Nurses are relying on stories of empathy and compassion to describe their role at the expense of explaining the skills and abilities required to carry out the job, a UK healthcare academic has claimed.
Focussing on the characteristics of people who hold nursing posts means the profession is excluding important elements of their work – such as clinical judgement – said professor Alison Leary, chair healthcare and workforce modelling at London Southbank University.
“That’s a real challenge… for nursing. I think their contribution isn’t always recognised”
Speaking about the problems facing specialist nurses and the profession more widely, Professor Leary said that relying on this “virtue script” contributed to a lack of understanding about the complexity of the role.
“If you think about nursing, people think about the characteristics of the person doing that, which is a good thing,” she said at the Florence Nightingale Foundation annual conference.
“But it then excludes the things you also need to nurse, such as clinical judgement and things that lots of nurses do all the time – such as rescuing patients and using clinical judgments to do this, or maybe spotting that a prescription is wrong,” she told delegates on Thursday.
“Relying on the virtue script to tell our story – and only the virtue script – gives an impression in decision makers’ minds,” she added.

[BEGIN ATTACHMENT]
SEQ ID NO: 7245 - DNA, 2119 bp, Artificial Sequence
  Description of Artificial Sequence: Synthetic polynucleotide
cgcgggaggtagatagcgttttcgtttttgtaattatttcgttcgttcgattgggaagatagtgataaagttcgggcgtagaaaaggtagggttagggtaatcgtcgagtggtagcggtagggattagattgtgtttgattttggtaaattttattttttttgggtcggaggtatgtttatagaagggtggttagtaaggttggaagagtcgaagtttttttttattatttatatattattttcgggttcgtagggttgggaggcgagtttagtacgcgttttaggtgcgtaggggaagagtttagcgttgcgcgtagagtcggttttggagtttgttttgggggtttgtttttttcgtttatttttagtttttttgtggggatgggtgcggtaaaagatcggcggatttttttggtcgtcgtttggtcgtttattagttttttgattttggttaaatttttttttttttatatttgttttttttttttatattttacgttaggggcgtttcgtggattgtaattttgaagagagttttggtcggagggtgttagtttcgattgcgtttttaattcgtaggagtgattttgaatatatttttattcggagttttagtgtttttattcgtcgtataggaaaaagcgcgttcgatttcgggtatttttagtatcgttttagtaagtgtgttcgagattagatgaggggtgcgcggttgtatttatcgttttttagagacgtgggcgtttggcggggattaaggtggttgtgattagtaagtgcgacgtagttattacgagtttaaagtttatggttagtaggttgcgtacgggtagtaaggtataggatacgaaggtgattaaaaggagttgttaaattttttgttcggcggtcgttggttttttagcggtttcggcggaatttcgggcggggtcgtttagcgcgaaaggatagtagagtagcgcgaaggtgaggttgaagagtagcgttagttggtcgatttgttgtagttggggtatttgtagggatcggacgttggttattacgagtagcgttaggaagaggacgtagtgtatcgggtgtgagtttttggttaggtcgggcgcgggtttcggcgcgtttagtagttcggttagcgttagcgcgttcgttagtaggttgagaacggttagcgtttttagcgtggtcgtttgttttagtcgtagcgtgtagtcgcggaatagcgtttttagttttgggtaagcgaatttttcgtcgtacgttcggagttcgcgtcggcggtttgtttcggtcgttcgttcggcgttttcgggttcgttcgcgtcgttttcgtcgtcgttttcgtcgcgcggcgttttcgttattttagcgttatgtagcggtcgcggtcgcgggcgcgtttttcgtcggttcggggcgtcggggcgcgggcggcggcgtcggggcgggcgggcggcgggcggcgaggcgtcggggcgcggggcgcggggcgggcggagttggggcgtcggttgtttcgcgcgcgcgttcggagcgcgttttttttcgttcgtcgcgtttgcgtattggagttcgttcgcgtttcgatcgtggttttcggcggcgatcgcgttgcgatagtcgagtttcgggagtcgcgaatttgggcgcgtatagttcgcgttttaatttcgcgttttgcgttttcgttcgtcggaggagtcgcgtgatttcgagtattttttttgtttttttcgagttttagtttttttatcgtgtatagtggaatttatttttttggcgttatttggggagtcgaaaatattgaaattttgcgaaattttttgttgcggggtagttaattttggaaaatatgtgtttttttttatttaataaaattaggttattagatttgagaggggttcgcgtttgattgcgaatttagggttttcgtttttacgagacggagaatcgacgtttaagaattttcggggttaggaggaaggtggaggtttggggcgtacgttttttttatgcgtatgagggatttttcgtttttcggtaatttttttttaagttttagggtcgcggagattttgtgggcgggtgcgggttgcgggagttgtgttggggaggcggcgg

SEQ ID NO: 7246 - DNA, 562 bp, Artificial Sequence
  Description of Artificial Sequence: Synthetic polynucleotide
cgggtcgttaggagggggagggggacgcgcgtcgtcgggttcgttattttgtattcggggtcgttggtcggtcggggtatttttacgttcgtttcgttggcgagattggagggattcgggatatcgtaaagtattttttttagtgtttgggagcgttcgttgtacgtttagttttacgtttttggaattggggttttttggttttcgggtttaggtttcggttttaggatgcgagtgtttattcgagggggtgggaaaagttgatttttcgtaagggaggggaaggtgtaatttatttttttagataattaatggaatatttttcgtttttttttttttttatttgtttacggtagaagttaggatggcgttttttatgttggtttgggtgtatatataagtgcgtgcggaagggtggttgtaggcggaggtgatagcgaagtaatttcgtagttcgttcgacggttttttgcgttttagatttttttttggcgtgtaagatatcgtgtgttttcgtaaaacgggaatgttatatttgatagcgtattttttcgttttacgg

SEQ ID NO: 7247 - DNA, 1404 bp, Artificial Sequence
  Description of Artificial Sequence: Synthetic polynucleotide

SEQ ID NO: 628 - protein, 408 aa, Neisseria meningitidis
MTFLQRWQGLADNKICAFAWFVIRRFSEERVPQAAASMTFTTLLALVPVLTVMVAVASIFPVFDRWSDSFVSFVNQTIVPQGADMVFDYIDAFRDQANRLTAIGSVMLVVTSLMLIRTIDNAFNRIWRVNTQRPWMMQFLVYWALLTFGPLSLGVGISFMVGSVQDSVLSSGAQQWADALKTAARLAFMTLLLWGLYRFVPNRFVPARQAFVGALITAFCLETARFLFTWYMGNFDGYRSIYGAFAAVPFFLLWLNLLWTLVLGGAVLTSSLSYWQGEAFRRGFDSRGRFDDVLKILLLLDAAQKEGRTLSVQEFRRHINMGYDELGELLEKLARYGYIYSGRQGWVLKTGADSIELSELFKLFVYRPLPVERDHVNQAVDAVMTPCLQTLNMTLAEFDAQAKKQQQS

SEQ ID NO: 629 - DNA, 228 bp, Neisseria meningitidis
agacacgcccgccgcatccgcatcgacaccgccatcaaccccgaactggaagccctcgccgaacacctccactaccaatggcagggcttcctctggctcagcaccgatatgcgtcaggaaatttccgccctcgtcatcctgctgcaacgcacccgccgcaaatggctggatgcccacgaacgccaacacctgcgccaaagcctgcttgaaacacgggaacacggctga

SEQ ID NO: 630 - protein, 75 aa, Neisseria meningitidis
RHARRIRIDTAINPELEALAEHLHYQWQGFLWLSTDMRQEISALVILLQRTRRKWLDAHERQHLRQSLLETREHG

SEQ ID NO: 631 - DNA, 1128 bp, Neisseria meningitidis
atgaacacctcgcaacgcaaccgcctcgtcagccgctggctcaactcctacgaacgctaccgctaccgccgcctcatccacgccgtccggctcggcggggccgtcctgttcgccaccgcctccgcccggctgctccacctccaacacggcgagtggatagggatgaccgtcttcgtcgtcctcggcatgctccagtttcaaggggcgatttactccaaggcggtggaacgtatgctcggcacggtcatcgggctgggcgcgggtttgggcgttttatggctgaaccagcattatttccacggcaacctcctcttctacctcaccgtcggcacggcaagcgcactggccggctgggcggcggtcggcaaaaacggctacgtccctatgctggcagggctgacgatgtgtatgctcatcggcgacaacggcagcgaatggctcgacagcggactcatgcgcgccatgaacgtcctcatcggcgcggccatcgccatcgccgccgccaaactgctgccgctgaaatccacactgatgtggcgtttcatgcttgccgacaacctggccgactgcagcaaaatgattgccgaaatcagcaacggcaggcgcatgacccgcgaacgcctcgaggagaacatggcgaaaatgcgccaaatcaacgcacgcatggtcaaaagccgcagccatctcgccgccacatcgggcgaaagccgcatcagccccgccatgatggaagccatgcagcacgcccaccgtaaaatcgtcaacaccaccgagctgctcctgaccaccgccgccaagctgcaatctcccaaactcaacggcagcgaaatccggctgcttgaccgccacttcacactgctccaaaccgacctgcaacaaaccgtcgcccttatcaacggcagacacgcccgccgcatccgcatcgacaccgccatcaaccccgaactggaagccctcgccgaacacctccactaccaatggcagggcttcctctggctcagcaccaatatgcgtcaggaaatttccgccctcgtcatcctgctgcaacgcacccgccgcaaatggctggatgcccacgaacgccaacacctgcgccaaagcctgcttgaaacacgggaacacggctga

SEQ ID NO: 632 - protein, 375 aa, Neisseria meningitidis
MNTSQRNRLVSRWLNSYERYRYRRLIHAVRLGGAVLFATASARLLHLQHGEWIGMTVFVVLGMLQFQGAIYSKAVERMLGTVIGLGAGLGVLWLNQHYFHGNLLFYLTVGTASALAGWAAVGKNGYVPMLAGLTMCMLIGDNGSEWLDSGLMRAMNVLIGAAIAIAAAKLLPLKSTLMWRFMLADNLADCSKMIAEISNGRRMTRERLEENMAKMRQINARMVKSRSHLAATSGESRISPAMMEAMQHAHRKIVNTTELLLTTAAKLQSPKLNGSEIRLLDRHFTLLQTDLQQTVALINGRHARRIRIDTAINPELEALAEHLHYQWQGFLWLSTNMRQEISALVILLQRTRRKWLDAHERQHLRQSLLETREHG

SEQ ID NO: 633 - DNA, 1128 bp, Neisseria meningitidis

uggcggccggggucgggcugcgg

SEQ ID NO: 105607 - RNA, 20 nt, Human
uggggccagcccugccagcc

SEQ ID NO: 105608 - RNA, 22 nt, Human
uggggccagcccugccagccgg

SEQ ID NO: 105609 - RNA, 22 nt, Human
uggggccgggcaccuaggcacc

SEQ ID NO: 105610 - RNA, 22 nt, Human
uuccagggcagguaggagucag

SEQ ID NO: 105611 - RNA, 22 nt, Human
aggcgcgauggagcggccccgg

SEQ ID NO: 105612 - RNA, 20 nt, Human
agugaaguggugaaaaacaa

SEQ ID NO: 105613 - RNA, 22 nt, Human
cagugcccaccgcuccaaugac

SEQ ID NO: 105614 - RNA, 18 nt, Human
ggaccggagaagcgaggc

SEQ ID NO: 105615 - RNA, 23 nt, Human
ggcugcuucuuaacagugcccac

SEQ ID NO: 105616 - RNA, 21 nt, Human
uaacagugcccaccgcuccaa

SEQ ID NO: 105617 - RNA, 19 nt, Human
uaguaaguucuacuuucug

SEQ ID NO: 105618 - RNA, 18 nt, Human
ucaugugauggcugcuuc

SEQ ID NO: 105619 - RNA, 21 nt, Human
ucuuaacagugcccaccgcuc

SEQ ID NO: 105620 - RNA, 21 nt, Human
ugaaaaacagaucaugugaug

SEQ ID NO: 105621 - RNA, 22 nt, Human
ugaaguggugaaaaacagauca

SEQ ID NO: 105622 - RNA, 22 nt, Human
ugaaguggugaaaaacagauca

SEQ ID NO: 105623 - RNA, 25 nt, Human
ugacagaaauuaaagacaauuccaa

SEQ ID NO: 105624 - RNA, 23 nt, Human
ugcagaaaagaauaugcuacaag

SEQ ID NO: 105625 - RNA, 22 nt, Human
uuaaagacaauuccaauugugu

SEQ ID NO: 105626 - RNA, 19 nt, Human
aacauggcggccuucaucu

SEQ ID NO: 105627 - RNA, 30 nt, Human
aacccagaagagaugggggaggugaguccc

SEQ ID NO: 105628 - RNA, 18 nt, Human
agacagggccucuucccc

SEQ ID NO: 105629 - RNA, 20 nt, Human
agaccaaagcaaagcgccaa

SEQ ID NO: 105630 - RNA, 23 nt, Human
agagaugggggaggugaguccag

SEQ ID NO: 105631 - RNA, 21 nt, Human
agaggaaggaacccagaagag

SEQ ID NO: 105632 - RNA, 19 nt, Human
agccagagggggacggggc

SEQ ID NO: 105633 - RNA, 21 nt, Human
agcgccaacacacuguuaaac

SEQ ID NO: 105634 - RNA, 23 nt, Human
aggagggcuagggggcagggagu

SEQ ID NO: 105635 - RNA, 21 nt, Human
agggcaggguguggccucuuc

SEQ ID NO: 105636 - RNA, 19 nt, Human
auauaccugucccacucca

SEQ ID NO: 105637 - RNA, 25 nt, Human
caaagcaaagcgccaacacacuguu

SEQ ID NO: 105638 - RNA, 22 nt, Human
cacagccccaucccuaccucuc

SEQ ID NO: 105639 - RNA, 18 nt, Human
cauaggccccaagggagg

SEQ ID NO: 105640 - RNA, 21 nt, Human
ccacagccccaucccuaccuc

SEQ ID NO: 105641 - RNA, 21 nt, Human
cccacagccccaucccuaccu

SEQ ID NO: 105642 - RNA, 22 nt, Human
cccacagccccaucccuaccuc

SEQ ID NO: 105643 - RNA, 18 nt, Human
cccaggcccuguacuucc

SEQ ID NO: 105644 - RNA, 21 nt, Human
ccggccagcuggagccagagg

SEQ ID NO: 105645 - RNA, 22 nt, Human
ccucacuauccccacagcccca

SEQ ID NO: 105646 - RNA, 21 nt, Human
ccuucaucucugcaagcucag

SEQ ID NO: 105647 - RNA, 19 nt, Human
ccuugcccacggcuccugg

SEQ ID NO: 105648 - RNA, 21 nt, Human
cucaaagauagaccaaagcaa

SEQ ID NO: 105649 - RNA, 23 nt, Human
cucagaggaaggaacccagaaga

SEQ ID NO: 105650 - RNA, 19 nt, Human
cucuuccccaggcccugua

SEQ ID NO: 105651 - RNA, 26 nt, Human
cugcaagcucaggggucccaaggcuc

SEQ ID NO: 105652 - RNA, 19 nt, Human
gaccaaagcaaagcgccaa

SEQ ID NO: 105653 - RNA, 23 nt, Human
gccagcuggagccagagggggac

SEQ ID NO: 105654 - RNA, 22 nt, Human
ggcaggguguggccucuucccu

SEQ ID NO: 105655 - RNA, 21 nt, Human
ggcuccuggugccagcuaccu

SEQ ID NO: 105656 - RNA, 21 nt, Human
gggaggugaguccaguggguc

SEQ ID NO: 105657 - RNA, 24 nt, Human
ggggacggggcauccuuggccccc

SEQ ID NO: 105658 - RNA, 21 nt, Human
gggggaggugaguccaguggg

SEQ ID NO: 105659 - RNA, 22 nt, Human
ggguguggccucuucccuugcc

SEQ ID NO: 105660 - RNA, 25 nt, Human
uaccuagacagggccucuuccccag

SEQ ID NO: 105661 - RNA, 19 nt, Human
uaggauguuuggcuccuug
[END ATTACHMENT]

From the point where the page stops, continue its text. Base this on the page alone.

Professor Leary said specialist nurses in particular often experienced problems in explaining their worth to employers, which when faced with service budget cuts often focused cuts or redeployment on them to try and make savings.
She added that the specialist nursing part of the workforce, and nurses more generally were often “invisible” in government policy.
“Specialist nurses in advanced practice are invisible,” she stated. “They show up on a spreadsheet but don’t show up in policy.”
“Specialist nurses in advanced practice are invisible. They show up on a spreadsheet but don’t show up in policy”
Professor Leary said she was “pushed” to think of a government policy – apart from one on cancer reform – in recent years that stated specialist nurses were an important part of the team.
“That’s a real challenge – not just for this group but for nursing,” she said. “I think their contribution isn’t always recognised.”
Professor Leary said a wide range of job titles relating to specialist nurses, a lack of developmental posts leading to the job, and difficulty in tracking and analysing the complex workload they dealt with, were also among the reasons that they failed to receive the recognition they deserved.
She emphasised specialist nurses were a “safety critical” workforce and should be treated as such rather than an “extra” role.